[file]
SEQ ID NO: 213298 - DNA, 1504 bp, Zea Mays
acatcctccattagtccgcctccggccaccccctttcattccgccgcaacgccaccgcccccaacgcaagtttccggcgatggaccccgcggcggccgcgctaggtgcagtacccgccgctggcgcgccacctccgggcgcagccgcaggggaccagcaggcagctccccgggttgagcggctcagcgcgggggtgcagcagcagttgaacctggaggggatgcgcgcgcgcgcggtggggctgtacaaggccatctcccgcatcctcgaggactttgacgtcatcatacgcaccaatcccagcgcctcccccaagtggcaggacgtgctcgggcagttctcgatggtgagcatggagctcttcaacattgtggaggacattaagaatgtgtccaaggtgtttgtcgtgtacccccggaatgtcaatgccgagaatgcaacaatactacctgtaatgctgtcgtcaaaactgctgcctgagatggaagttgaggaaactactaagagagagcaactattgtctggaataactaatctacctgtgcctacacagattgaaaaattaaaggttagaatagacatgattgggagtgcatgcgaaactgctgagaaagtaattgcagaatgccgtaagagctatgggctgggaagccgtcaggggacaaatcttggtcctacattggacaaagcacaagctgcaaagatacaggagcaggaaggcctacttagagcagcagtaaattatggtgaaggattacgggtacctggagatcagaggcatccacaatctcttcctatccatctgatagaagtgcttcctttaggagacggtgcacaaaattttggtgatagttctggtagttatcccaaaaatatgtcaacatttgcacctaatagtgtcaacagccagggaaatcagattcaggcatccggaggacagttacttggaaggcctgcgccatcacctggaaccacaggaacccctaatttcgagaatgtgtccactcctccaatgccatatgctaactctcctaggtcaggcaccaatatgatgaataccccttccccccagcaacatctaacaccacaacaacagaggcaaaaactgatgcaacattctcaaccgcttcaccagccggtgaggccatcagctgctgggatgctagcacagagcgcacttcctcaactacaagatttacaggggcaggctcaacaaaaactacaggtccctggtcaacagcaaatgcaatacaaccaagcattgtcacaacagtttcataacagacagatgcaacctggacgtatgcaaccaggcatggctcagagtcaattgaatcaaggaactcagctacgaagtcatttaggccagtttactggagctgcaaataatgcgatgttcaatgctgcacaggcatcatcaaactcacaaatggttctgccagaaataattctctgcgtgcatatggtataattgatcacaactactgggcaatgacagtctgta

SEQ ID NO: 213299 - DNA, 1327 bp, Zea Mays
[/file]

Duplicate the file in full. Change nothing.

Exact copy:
SEQ ID NO: 213298 - DNA, 1504 bp, Zea Mays
acatcctccattagtccgcctccggccaccccctttcattccgccgcaacgccaccgcccccaacgcaagtttccggcgatggaccccgcggcggccgcgctaggtgcagtacccgccgctggcgcgccacctccgggcgcagccgcaggggaccagcaggcagctccccgggttgagcggctcagcgcgggggtgcagcagcagttgaacctggaggggatgcgcgcgcgcgcggtggggctgtacaaggccatctcccgcatcctcgaggactttgacgtcatcatacgcaccaatcccagcgcctcccccaagtggcaggacgtgctcgggcagttctcgatggtgagcatggagctcttcaacattgtggaggacattaagaatgtgtccaaggtgtttgtcgtgtacccccggaatgtcaatgccgagaatgcaacaatactacctgtaatgctgtcgtcaaaactgctgcctgagatggaagttgaggaaactactaagagagagcaactattgtctggaataactaatctacctgtgcctacacagattgaaaaattaaaggttagaatagacatgattgggagtgcatgcgaaactgctgagaaagtaattgcagaatgccgtaagagctatgggctgggaagccgtcaggggacaaatcttggtcctacattggacaaagcacaagctgcaaagatacaggagcaggaaggcctacttagagcagcagtaaattatggtgaaggattacgggtacctggagatcagaggcatccacaatctcttcctatccatctgatagaagtgcttcctttaggagacggtgcacaaaattttggtgatagttctggtagttatcccaaaaatatgtcaacatttgcacctaatagtgtcaacagccagggaaatcagattcaggcatccggaggacagttacttggaaggcctgcgccatcacctggaaccacaggaacccctaatttcgagaatgtgtccactcctccaatgccatatgctaactctcctaggtcaggcaccaatatgatgaataccccttccccccagcaacatctaacaccacaacaacagaggcaaaaactgatgcaacattctcaaccgcttcaccagccggtgaggccatcagctgctgggatgctagcacagagcgcacttcctcaactacaagatttacaggggcaggctcaacaaaaactacaggtccctggtcaacagcaaatgcaatacaaccaagcattgtcacaacagtttcataacagacagatgcaacctggacgtatgcaaccaggcatggctcagagtcaattgaatcaaggaactcagctacgaagtcatttaggccagtttactggagctgcaaataatgcgatgttcaatgctgcacaggcatcatcaaactcacaaatggttctgccagaaataattctctgcgtgcatatggtataattgatcacaactactgggcaatgacagtctgta

SEQ ID NO: 213299 - DNA, 1327 bp, Zea Mays